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Eczema types: Contact dermatitis tips for managing


If you have contact dermatitis, the right skin care and prevention strategies can help heal your skin and prevent another itchy, painful rash. Here are the tips that dermatologists give their patients who have contact dermatitis.

  1. Avoid what’s causing your rash. To heal your skin and prevent another rash, you need to: 1) Know what’s causing your rash and 2) Avoid touching what causes it.

    For example, if you have an allergy to nickel, you need to know what often contains nickel and how to avoid it. You’ll find five tips that can help you avoid nickel at, Nickel allergy: How to avoid exposure and reduce symptoms.

    If you’re uncertain what’s causing your rash, a board-certified dermatologist can help. To find out how, see Contact dermatitis: Diagnosis and treatment.

    Until you see a dermatologist, you may be able to get an idea of what’s causing your rash by going to, Itchy rash could be contact dermatitis.

  2. Stop scratching. The rash can be itchy, but scratching tends to worsen the rash. Scratching can also lead to an infection.

  3. Relieve the itch with cool compresses, anti-itch medication, or oatmeal baths. To make a cool compress, run cold water over a clean towel, then apply the cool, damp towel to the area for 10-15 minutes a few times daily.

    Other ways to get relief are to apply an anti-itch medication that contains 1% hydrocortisone to your rash, slather calamine lotion on your itchy skin, or soak in a cool oatmeal bath. You can buy all these without a prescription.

    Calamine lotion and oatmeal baths can also help dry oozing skin.

  4. Apply a fragrance-free moisturizer or barrier repair cream after washing. This helps seal in moisture, which your skin needs. Of course, you want to test this product before applying it widely. When you find a product that won’t cause a skin reaction, apply the moisturizer or barrier repair cream while your skin is still damp after washing.

    To get the best results, it helps to apply your moisturizer (or barrier repair cream) throughout the day when your skin feels dry.

  5. Wash new clothes before you wear them. Washing new clothes helps to remove chemical residues and dyes that could cause a reaction.

  6. Remember two key facts about contact dermatitis. If you suddenly develop a new rash, you can miss a likely cause, unless you know the following:

    • The rash may not be caused by what’s touching your skin when you first see the rash. Something that touched your skin hours or days ago may be the cause. A rash from an antibiotic ointment may show up 4 days later.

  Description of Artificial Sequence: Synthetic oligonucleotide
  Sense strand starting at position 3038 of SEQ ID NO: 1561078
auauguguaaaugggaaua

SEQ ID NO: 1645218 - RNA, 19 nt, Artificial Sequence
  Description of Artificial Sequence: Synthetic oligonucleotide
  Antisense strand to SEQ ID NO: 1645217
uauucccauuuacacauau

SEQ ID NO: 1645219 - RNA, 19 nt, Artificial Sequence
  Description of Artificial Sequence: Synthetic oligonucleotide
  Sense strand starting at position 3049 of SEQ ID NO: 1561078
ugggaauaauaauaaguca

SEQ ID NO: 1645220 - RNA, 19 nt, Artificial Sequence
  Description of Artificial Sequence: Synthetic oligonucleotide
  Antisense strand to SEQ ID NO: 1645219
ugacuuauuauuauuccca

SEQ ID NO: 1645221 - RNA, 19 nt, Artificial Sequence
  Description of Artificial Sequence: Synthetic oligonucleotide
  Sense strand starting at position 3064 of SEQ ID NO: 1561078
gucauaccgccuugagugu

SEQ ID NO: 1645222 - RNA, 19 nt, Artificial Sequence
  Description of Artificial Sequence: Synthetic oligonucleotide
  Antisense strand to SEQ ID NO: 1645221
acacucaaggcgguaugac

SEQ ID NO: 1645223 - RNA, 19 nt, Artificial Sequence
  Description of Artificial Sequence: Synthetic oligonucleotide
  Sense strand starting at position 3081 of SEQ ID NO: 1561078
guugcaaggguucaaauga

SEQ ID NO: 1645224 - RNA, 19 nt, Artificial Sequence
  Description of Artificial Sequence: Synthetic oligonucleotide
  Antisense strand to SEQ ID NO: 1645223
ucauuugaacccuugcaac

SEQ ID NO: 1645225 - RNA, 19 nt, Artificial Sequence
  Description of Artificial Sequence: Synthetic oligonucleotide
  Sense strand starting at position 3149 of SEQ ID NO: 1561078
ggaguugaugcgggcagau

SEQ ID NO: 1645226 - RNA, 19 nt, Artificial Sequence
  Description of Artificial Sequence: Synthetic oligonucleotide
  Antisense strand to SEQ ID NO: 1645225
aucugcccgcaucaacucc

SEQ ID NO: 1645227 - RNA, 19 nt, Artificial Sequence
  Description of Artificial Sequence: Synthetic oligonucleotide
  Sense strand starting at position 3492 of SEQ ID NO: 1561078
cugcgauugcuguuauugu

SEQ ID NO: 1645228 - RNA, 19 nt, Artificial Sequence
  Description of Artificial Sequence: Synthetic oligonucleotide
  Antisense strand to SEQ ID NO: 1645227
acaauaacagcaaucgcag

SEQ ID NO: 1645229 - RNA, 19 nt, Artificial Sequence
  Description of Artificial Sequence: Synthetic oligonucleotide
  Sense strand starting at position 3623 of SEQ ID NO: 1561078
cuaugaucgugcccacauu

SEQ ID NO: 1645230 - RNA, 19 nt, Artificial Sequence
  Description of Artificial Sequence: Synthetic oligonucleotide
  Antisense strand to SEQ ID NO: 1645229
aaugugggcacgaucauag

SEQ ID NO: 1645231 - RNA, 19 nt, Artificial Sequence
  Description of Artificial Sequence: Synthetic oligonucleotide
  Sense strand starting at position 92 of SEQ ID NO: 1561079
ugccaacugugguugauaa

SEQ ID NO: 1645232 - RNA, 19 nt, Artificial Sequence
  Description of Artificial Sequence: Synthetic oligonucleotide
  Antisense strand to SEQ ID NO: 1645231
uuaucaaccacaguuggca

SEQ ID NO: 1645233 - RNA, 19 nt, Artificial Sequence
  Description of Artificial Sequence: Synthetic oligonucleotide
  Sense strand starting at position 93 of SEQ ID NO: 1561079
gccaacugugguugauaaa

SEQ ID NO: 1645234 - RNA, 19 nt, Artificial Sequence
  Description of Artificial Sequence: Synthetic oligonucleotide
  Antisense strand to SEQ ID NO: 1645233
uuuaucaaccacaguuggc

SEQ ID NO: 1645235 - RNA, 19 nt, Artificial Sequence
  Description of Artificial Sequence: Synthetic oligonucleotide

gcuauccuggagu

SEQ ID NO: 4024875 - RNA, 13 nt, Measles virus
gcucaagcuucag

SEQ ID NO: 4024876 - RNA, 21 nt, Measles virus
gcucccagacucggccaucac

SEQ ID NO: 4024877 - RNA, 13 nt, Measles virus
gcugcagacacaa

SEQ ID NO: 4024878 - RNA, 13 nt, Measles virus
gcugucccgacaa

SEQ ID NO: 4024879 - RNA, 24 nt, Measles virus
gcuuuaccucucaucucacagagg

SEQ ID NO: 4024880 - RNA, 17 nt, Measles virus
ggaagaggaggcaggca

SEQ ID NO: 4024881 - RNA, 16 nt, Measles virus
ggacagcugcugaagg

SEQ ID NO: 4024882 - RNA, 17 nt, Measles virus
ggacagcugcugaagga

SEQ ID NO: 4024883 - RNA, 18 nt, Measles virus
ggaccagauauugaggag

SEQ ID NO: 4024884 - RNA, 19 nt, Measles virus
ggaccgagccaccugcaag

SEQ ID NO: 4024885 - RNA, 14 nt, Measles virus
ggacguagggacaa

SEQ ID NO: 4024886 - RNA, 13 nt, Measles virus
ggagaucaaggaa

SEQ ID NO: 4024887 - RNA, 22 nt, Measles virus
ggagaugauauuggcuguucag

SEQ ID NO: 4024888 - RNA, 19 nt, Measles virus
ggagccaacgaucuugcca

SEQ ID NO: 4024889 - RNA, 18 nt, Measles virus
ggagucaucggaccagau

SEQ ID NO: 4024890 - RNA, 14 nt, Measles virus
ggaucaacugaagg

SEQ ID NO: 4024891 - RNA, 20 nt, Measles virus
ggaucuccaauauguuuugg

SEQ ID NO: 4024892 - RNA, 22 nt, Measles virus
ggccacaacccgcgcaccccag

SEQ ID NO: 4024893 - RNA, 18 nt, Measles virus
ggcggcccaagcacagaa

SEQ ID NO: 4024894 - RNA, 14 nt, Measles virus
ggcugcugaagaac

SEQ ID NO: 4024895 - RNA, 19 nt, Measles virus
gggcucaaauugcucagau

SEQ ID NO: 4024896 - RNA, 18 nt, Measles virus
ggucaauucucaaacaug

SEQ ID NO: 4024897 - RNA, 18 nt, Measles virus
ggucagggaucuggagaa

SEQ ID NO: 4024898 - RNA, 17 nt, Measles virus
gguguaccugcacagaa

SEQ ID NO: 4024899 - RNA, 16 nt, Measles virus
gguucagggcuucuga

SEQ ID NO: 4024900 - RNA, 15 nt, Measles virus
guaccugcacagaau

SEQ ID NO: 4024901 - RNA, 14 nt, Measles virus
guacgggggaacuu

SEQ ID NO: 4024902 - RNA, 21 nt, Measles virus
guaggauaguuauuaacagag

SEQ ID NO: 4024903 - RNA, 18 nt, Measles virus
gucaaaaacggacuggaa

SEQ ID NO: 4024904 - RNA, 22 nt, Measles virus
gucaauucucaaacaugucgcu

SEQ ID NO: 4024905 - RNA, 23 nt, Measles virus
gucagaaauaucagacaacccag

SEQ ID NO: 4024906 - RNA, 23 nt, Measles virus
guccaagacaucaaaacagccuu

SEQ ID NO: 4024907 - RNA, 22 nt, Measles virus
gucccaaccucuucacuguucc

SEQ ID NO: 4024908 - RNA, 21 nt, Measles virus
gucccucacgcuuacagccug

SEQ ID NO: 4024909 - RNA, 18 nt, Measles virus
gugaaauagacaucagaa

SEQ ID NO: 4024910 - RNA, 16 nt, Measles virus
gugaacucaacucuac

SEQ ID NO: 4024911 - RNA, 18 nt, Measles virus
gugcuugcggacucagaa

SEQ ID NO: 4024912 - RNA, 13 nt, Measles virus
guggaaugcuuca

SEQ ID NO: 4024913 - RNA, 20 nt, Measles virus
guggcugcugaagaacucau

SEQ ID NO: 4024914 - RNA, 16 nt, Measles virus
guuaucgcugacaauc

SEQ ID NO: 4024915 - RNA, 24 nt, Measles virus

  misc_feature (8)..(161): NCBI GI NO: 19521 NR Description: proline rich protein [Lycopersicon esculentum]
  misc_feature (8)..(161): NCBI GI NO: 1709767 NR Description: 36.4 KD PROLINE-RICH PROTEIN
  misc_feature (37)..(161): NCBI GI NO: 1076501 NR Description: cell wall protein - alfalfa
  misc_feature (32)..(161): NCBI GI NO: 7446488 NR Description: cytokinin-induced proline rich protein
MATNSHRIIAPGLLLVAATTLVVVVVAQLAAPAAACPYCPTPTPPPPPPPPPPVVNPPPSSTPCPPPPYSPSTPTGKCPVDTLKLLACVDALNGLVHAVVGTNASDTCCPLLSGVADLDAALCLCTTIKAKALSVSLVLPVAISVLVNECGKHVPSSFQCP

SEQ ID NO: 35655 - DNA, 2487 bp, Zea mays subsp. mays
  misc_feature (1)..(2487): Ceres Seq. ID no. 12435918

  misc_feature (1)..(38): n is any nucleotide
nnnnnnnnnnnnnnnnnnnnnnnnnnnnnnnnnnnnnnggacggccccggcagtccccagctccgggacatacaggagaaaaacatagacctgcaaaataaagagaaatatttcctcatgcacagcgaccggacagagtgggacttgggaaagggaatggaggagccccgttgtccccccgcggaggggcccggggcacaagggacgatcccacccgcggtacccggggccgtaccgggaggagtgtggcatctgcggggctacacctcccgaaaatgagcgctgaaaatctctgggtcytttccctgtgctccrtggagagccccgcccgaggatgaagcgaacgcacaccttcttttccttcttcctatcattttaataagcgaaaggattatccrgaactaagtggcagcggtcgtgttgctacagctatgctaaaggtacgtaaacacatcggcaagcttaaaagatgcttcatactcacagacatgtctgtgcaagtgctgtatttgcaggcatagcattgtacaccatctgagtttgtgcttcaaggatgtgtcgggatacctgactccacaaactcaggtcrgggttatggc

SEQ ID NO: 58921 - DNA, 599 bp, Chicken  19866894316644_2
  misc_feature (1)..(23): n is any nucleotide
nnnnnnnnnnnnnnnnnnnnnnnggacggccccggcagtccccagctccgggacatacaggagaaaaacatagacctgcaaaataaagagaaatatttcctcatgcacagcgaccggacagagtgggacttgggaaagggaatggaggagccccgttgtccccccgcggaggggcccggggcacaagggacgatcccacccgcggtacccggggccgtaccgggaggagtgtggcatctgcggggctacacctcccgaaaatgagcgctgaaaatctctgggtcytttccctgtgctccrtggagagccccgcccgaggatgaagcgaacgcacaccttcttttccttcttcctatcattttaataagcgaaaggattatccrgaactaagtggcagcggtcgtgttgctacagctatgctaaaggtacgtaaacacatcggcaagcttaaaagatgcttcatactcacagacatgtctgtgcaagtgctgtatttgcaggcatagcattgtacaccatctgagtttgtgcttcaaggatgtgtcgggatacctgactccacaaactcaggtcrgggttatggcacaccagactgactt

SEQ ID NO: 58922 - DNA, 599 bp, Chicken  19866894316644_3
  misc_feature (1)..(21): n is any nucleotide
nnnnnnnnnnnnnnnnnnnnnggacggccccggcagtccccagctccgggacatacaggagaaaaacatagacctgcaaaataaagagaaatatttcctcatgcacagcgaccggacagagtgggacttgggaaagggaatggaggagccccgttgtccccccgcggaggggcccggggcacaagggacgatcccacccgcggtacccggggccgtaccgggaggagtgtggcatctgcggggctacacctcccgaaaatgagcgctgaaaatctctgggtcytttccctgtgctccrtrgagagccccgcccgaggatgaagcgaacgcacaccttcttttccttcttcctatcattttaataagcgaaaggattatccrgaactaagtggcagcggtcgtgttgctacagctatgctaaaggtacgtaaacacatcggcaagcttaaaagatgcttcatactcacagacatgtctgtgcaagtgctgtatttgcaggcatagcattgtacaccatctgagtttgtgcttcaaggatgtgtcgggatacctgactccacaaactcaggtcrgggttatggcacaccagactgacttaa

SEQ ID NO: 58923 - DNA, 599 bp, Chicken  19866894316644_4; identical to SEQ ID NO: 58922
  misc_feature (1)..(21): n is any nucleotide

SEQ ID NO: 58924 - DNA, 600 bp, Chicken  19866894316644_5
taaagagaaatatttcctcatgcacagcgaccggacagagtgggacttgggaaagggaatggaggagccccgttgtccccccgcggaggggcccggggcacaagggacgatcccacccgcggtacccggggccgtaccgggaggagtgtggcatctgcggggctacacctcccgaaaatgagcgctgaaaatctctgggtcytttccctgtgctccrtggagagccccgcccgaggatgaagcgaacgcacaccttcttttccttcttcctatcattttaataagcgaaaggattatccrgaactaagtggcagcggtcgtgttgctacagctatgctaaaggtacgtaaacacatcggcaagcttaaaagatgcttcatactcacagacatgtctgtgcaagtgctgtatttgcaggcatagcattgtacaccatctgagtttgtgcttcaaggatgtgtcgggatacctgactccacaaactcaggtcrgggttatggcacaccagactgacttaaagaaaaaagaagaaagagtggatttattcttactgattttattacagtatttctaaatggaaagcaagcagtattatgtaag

• You can develop an allergic reaction to a product that you’ve used for years. This can happen for one of two reasons. If the product has been reformulated, it can contain different ingredients. The second reason is that you’ve developed a new allergic reaction.

  7. Get your skin care advice from your dermatologist. If you have raw, irritated skin or have a skin hypersensitivity, your skin needs special care. Dermatologists are the medical doctors who specialize in skin care. A dermatologist can tell you which products would be best for you and which ones to avoid.

How dermatologists help people who have contact dermatitis

Contact dermatitis can affect your life. A rash can come and go unexpectedly, making it difficult to do your job or enjoy life to the fullest. By teaming up with a dermatologist you can get treatment, often find out what causes your rash, and feel more comfortable.

If you have a rash that blisters, comes and goes, or causes discomfort, see a board-certified dermatologist.


References
Carol R. “Are you a rash whisperer?” Dermatol World. 2019:29(1):44-9.

Mowad CM, Anderson B, et al. “Allergic contact dermatitis: Patient diagnosis and evaluation.” J Am Acad Dermatol. 2016;74:1029-40.

Mowad CM, Anderson B, et al. “Allergic contact dermatitis: Patient management and education.” J Am Acad Dermatol. 2016;74:1043-54.

Usatine RP and Riojas M. “Diagnosis and management of contact dermatitis.” Am Fam Physician. 2010 Aug 1;82(3):249-55.


Written by:
Paula Ludmann, MS

Reviewed by:
Matthew Elias, MD, FAAD
Iltefat Hamzavi, MD, FAAD
Benjamin Stoff, MD, FAAD

Last updated: 1/22/21

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